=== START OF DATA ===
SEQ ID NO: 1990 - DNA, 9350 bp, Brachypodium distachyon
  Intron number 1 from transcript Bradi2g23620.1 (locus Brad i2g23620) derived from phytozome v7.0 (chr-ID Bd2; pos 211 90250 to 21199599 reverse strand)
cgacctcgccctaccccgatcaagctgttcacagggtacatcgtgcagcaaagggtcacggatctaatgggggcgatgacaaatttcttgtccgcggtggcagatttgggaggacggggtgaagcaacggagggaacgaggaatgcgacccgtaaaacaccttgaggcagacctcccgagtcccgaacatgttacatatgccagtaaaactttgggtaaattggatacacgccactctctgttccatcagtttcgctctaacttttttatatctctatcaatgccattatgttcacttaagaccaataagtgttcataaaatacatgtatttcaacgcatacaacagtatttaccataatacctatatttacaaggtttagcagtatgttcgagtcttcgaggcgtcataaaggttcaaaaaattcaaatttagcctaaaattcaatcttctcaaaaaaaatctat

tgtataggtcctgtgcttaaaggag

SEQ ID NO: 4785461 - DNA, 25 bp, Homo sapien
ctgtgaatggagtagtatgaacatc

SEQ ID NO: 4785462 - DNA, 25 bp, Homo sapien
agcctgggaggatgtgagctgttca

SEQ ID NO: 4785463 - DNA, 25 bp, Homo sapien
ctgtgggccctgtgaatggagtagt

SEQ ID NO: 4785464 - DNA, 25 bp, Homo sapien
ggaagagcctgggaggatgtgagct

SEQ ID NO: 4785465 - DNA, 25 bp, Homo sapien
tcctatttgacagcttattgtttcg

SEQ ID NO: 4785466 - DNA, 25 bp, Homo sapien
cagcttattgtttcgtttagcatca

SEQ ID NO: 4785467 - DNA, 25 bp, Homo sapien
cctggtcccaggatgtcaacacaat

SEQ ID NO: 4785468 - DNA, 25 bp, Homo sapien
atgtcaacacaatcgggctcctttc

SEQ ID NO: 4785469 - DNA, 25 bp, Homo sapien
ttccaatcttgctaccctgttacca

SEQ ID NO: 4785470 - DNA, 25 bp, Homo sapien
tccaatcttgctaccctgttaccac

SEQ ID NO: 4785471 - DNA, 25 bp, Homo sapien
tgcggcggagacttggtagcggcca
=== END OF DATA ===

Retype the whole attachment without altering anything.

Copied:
SEQ ID NO: 1990 - DNA, 9350 bp, Brachypodium distachyon
  Intron number 1 from transcript Bradi2g23620.1 (locus Brad i2g23620) derived from phytozome v7.0 (chr-ID Bd2; pos 211 90250 to 21199599 reverse strand)
cgacctcgccctaccccgatcaagctgttcacagggtacatcgtgcagcaaagggtcacggatctaatgggggcgatgacaaatttcttgtccgcggtggcagatttgggaggacggggtgaagcaacggagggaacgaggaatgcgacccgtaaaacaccttgaggcagacctcccgagtcccgaacatgttacatatgccagtaaaactttgggtaaattggatacacgccactctctgttccatcagtttcgctctaacttttttatatctctatcaatgccattatgttcacttaagaccaataagtgttcataaaatacatgtatttcaacgcatacaacagtatttaccataatacctatatttacaaggtttagcagtatgttcgagtcttcgaggcgtcataaaggttcaaaaaattcaaatttagcctaaaattcaatcttctcaaaaaaaatctat

tgtataggtcctgtgcttaaaggag

SEQ ID NO: 4785461 - DNA, 25 bp, Homo sapien
ctgtgaatggagtagtatgaacatc

SEQ ID NO: 4785462 - DNA, 25 bp, Homo sapien
agcctgggaggatgtgagctgttca

SEQ ID NO: 4785463 - DNA, 25 bp, Homo sapien
ctgtgggccctgtgaatggagtagt

SEQ ID NO: 4785464 - DNA, 25 bp, Homo sapien
ggaagagcctgggaggatgtgagct

SEQ ID NO: 4785465 - DNA, 25 bp, Homo sapien
tcctatttgacagcttattgtttcg

SEQ ID NO: 4785466 - DNA, 25 bp, Homo sapien
cagcttattgtttcgtttagcatca

SEQ ID NO: 4785467 - DNA, 25 bp, Homo sapien
cctggtcccaggatgtcaacacaat

SEQ ID NO: 4785468 - DNA, 25 bp, Homo sapien
atgtcaacacaatcgggctcctttc

SEQ ID NO: 4785469 - DNA, 25 bp, Homo sapien
ttccaatcttgctaccctgttacca

SEQ ID NO: 4785470 - DNA, 25 bp, Homo sapien
tccaatcttgctaccctgttaccac

SEQ ID NO: 4785471 - DNA, 25 bp, Homo sapien
tgcggcggagacttggtagcggcca